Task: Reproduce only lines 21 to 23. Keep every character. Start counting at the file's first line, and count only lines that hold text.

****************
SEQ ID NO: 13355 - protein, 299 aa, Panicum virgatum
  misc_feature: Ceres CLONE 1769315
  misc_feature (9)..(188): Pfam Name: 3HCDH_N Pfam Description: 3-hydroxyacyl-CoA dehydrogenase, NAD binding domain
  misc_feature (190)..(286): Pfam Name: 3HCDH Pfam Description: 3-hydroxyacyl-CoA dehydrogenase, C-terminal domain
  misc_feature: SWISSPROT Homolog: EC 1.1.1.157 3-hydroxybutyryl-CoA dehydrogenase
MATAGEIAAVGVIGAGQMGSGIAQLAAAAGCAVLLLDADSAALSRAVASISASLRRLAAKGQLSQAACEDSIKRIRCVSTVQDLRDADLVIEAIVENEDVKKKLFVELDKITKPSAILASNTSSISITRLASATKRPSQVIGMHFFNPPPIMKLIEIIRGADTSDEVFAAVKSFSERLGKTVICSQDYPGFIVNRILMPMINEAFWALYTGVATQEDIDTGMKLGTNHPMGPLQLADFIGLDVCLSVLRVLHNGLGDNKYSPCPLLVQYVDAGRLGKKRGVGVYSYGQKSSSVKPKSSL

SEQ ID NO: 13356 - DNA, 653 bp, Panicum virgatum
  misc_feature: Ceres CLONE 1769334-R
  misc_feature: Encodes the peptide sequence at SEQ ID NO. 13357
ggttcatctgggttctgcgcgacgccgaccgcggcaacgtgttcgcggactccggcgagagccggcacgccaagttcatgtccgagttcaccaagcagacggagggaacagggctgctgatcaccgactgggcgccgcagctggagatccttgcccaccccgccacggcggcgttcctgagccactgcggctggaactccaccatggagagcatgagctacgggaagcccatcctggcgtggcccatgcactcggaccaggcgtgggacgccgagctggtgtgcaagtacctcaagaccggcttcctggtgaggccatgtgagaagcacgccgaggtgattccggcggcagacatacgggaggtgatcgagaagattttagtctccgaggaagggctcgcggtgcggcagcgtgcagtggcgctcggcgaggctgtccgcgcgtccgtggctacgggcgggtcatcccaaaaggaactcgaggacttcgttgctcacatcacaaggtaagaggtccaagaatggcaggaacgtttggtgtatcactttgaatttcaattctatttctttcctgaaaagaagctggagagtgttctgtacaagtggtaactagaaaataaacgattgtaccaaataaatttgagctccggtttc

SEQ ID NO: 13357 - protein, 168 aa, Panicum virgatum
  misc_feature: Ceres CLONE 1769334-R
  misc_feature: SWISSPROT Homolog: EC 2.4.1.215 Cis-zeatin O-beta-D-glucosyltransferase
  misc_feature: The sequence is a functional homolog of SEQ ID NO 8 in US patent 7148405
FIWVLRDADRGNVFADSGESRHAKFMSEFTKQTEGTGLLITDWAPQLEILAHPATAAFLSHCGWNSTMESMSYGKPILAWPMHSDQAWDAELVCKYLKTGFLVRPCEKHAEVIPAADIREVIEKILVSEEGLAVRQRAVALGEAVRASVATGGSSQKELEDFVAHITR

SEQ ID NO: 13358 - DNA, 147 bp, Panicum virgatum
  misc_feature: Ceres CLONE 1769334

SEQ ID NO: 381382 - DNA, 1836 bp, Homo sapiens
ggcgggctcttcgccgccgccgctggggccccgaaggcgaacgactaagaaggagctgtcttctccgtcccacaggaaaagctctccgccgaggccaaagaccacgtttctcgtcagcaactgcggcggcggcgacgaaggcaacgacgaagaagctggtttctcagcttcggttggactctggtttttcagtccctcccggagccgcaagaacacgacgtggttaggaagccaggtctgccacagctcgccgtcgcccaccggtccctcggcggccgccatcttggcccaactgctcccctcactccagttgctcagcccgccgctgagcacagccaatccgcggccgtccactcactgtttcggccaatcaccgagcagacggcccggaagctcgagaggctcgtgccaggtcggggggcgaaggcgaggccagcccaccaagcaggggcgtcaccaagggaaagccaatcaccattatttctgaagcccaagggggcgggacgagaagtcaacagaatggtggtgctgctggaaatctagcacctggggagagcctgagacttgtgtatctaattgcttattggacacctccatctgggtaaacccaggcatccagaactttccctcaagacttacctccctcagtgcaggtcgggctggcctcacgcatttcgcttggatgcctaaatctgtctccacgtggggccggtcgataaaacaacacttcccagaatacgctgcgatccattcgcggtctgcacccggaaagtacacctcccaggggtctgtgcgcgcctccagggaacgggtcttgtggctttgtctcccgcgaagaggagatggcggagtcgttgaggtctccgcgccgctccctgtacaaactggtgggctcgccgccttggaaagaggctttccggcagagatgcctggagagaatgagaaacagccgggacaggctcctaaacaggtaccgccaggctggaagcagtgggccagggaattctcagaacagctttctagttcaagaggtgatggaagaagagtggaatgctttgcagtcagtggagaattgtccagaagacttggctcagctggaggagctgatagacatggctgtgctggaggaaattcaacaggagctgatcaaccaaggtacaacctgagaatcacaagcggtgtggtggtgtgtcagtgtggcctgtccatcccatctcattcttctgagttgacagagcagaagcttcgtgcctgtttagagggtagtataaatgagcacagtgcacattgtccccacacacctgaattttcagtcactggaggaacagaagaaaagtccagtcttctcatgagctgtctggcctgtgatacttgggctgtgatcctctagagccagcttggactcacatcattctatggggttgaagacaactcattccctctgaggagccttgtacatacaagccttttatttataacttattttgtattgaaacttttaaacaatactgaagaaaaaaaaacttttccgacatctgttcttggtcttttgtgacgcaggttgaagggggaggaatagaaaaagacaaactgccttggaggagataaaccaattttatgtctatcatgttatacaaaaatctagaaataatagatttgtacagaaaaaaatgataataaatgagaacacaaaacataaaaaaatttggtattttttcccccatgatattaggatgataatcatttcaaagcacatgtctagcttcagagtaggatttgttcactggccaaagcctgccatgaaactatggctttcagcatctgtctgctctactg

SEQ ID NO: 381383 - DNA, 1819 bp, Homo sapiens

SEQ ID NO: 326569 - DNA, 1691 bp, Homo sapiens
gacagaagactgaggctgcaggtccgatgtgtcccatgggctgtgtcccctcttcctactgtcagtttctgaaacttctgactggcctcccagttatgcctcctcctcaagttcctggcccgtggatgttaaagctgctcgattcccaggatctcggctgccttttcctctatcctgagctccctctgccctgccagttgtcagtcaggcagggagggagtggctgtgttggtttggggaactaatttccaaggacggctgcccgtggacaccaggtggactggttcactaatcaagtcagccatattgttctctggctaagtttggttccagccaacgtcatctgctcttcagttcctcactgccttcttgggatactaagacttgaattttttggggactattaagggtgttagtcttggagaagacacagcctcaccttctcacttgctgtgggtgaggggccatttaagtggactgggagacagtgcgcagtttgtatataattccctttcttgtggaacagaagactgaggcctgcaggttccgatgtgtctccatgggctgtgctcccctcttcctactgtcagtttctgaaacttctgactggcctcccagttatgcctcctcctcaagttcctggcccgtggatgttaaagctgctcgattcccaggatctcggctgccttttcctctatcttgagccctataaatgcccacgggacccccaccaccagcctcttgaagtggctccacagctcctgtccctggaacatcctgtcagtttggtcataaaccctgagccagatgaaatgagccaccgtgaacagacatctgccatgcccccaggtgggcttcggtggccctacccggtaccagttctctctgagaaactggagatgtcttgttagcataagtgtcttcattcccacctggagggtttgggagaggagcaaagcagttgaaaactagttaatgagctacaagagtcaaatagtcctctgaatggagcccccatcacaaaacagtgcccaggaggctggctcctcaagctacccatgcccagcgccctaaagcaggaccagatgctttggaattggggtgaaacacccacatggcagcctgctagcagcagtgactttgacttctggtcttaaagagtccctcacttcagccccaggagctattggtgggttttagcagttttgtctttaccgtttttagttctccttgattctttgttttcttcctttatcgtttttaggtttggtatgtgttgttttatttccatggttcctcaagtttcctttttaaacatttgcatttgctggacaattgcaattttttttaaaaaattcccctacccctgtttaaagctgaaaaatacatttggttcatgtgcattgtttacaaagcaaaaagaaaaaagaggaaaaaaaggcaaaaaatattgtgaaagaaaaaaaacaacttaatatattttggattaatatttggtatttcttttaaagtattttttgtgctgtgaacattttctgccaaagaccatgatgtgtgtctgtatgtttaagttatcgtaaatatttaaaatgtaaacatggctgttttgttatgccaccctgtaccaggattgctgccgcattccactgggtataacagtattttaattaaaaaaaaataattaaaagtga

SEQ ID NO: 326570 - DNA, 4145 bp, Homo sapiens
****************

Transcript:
SEQ ID NO: 326569 - DNA, 1691 bp, Homo sapiens
gacagaagactgaggctgcaggtccgatgtgtcccatgggctgtgtcccctcttcctactgtcagtttctgaaacttctgactggcctcccagttatgcctcctcctcaagttcctggcccgtggatgttaaagctgctcgattcccaggatctcggctgccttttcctctatcctgagctccctctgccctgccagttgtcagtcaggcagggagggagtggctgtgttggtttggggaactaatttccaaggacggctgcccgtggacaccaggtggactggttcactaatcaagtcagccatattgttctctggctaagtttggttccagccaacgtcatctgctcttcagttcctcactgccttcttgggatactaagacttgaattttttggggactattaagggtgttagtcttggagaagacacagcctcaccttctcacttgctgtgggtgaggggccatttaagtggactgggagacagtgcgcagtttgtatataattccctttcttgtggaacagaagactgaggcctgcaggttccgatgtgtctccatgggctgtgctcccctcttcctactgtcagtttctgaaacttctgactggcctcccagttatgcctcctcctcaagttcctggcccgtggatgttaaagctgctcgattcccaggatctcggctgccttttcctctatcttgagccctataaatgcccacgggacccccaccaccagcctcttgaagtggctccacagctcctgtccctggaacatcctgtcagtttggtcataaaccctgagccagatgaaatgagccaccgtgaacagacatctgccatgcccccaggtgggcttcggtggccctacccggtaccagttctctctgagaaactggagatgtcttgttagcataagtgtcttcattcccacctggagggtttgggagaggagcaaagcagttgaaaactagttaatgagctacaagagtcaaatagtcctctgaatggagcccccatcacaaaacagtgcccaggaggctggctcctcaagctacccatgcccagcgccctaaagcaggaccagatgctttggaattggggtgaaacacccacatggcagcctgctagcagcagtgactttgacttctggtcttaaagagtccctcacttcagccccaggagctattggtgggttttagcagttttgtctttaccgtttttagttctccttgattctttgttttcttcctttatcgtttttaggtttggtatgtgttgttttatttccatggttcctcaagtttcctttttaaacatttgcatttgctggacaattgcaattttttttaaaaaattcccctacccctgtttaaagctgaaaaatacatttggttcatgtgcattgtttacaaagcaaaaagaaaaaagaggaaaaaaaggcaaaaaatattgtgaaagaaaaaaaacaacttaatatattttggattaatatttggtatttcttttaaagtattttttgtgctgtgaacattttctgccaaagaccatgatgtgtgtctgtatgtttaagttatcgtaaatatttaaaatgtaaacatggctgttttgttatgccaccctgtaccaggattgctgccgcattccactgggtataacagtattttaattaaaaaaaaataattaaaagtga

SEQ ID NO: 326570 - DNA, 4145 bp, Homo sapiens